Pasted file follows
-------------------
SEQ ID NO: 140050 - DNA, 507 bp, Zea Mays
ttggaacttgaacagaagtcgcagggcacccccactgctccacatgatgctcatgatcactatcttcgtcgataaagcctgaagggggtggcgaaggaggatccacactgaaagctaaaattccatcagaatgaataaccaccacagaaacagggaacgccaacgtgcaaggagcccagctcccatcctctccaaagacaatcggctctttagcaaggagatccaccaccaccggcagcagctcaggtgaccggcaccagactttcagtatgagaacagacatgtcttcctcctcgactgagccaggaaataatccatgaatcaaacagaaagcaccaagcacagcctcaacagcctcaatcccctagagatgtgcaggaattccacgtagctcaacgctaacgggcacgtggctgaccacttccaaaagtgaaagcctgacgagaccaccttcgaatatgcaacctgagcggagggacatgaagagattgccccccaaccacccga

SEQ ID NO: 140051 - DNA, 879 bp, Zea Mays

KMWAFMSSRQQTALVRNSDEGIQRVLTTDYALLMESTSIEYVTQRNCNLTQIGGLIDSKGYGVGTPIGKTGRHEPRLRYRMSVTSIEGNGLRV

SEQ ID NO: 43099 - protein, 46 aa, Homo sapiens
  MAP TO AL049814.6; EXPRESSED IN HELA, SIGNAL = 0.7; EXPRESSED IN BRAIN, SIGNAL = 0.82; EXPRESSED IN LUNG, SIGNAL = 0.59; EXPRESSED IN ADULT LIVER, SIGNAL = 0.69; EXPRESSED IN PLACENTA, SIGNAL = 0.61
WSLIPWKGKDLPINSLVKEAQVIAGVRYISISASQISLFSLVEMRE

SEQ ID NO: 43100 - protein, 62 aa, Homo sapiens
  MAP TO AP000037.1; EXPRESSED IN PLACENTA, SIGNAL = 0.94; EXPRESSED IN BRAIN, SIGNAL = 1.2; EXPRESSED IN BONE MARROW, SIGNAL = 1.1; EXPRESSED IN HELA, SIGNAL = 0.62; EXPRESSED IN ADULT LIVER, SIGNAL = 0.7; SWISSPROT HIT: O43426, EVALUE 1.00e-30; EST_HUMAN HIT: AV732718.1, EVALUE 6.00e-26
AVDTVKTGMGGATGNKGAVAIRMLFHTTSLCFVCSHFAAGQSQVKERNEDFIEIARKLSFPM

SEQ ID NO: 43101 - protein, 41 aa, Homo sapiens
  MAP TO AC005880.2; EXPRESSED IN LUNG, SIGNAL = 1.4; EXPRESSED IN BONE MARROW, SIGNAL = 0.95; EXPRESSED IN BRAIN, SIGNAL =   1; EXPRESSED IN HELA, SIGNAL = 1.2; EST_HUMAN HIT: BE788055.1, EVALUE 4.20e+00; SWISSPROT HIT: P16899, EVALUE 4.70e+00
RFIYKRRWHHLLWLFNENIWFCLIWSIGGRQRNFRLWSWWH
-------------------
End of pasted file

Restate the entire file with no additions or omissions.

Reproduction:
SEQ ID NO: 140050 - DNA, 507 bp, Zea Mays
ttggaacttgaacagaagtcgcagggcacccccactgctccacatgatgctcatgatcactatcttcgtcgataaagcctgaagggggtggcgaaggaggatccacactgaaagctaaaattccatcagaatgaataaccaccacagaaacagggaacgccaacgtgcaaggagcccagctcccatcctctccaaagacaatcggctctttagcaaggagatccaccaccaccggcagcagctcaggtgaccggcaccagactttcagtatgagaacagacatgtcttcctcctcgactgagccaggaaataatccatgaatcaaacagaaagcaccaagcacagcctcaacagcctcaatcccctagagatgtgcaggaattccacgtagctcaacgctaacgggcacgtggctgaccacttccaaaagtgaaagcctgacgagaccaccttcgaatatgcaacctgagcggagggacatgaagagattgccccccaaccacccga

SEQ ID NO: 140051 - DNA, 879 bp, Zea Mays

KMWAFMSSRQQTALVRNSDEGIQRVLTTDYALLMESTSIEYVTQRNCNLTQIGGLIDSKGYGVGTPIGKTGRHEPRLRYRMSVTSIEGNGLRV

SEQ ID NO: 43099 - protein, 46 aa, Homo sapiens
  MAP TO AL049814.6; EXPRESSED IN HELA, SIGNAL = 0.7; EXPRESSED IN BRAIN, SIGNAL = 0.82; EXPRESSED IN LUNG, SIGNAL = 0.59; EXPRESSED IN ADULT LIVER, SIGNAL = 0.69; EXPRESSED IN PLACENTA, SIGNAL = 0.61
WSLIPWKGKDLPINSLVKEAQVIAGVRYISISASQISLFSLVEMRE

SEQ ID NO: 43100 - protein, 62 aa, Homo sapiens
  MAP TO AP000037.1; EXPRESSED IN PLACENTA, SIGNAL = 0.94; EXPRESSED IN BRAIN, SIGNAL = 1.2; EXPRESSED IN BONE MARROW, SIGNAL = 1.1; EXPRESSED IN HELA, SIGNAL = 0.62; EXPRESSED IN ADULT LIVER, SIGNAL = 0.7; SWISSPROT HIT: O43426, EVALUE 1.00e-30; EST_HUMAN HIT: AV732718.1, EVALUE 6.00e-26
AVDTVKTGMGGATGNKGAVAIRMLFHTTSLCFVCSHFAAGQSQVKERNEDFIEIARKLSFPM

SEQ ID NO: 43101 - protein, 41 aa, Homo sapiens
  MAP TO AC005880.2; EXPRESSED IN LUNG, SIGNAL = 1.4; EXPRESSED IN BONE MARROW, SIGNAL = 0.95; EXPRESSED IN BRAIN, SIGNAL =   1; EXPRESSED IN HELA, SIGNAL = 1.2; EST_HUMAN HIT: BE788055.1, EVALUE 4.20e+00; SWISSPROT HIT: P16899, EVALUE 4.70e+00
RFIYKRRWHHLLWLFNENIWFCLIWSIGGRQRNFRLWSWWH